We all know that soda is unhealthy. What with the sugar, the acid content and the carbon dioxide, every carbonated drink is a literal cocktail of unhealthy additives. Countless studies have indicated that regular soda consumption can lead to Type 2 diabetes, heart disease, obesity, tooth decay, gout and even dementia.
To combat their ‘unhealthy’ image, several soft drink companies released diet or light versions of their drinks such as Diet coke and Diet Pepsi, which have reduced sugar content.
However, studies conducted on these so called ‘lite’ drinks revealed a whole host of other problems; the artificial sweeteners added to them cause weight gain, also increase the risk of contracting type 2 diabetes, increase the likelihood of headaches and also increase the risk of tooth decay.
Changing Perceptions through Packaging?
Okay, so consumers now think that diet soda is also bad for them. So, what are the companies to do? Recently, in India both Pepsi and Coca-Cola announced that they would be releasing the popular drinks in 150 ml cans, to target consumers who crave soda, but want less of it, possibly for health reasons.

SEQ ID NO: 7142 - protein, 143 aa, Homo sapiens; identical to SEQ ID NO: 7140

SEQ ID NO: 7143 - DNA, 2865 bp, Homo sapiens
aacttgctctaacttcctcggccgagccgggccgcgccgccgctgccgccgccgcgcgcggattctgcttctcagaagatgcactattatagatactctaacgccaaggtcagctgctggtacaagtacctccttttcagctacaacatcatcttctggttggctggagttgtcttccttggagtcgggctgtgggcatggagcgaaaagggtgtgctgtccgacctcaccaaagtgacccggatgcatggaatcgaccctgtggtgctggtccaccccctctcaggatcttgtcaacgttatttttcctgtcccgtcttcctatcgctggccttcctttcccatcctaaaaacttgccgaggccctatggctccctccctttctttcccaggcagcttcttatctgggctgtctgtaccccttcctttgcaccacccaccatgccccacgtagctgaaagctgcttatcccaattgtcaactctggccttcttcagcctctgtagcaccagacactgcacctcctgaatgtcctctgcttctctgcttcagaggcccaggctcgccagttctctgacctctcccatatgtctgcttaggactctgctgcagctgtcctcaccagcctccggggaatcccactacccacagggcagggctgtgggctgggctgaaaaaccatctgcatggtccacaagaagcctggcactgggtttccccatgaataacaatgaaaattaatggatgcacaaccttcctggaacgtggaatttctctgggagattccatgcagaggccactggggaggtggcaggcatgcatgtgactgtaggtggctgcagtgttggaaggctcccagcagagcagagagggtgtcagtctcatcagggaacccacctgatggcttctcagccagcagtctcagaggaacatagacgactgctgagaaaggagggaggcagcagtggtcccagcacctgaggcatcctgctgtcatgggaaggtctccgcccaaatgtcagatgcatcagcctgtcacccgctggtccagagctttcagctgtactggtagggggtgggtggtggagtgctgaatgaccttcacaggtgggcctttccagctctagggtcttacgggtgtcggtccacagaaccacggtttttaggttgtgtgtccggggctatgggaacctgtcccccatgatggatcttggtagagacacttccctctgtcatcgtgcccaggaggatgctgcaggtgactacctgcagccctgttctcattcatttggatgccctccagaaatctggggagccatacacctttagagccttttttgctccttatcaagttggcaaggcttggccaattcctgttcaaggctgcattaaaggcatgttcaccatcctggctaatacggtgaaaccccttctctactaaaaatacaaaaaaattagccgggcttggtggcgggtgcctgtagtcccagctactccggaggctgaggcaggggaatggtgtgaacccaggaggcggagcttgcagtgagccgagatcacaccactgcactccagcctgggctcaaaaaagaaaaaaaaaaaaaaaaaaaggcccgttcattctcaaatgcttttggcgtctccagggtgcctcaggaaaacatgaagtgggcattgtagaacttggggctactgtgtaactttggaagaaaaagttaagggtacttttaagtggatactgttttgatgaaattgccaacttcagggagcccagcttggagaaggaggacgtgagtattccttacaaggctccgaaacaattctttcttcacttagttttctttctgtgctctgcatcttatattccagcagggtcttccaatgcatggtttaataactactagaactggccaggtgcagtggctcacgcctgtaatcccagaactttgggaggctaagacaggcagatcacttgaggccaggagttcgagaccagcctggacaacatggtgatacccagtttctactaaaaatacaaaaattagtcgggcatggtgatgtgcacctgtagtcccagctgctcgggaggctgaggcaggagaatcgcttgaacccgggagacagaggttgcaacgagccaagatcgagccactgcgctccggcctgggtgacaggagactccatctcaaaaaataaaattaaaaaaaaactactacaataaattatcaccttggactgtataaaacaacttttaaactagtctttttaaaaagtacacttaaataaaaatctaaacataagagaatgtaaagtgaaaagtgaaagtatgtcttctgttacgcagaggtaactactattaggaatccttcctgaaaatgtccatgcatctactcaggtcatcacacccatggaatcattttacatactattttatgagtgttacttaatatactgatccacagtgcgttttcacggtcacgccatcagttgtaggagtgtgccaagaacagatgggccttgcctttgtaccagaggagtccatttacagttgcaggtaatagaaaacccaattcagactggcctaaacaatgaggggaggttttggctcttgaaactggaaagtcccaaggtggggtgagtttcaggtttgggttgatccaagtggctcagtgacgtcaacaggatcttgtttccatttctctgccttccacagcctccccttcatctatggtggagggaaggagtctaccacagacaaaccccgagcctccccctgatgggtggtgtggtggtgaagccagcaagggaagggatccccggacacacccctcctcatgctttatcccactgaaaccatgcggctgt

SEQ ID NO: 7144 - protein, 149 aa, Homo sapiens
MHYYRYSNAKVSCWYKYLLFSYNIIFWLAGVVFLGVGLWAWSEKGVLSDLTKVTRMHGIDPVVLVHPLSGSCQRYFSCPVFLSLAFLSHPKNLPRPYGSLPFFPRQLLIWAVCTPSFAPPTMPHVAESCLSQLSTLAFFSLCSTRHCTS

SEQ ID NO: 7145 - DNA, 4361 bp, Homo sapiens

However, Pepsi recently took things a step further by releasing an ad for revamped Pepsi bottles in the shape of dumbbells.
The Dumbbell Idea
Yes, dumbbells, as in the equipment we use to work out at the gym.
The dumbbell shaped bottles are exclusively for Pepsi Light in Brazil and, when full, weigh 2 kilos.
Understandably, the internet is a little confused; are consumers supposed to use the bottles to work off the weight they will put on after drinking the soda? Won’t dumbbell shaped bottles just remind them of all the health implications of drinking diet soda and put them off it in the first place?
The way Pepsi sees is (according to the campaign) is that “After all, a product that sells a light way of life deserved a new packaging that showed just that.”
However, we’re not so sure that the ad will succeed in convincing consumers that the drink will lead to a ‘light way of life’. In fact, it may just do quite the contrary and make them pass over those bottles of Pepsi in the grocery store. How do you think this campaign will pan out?
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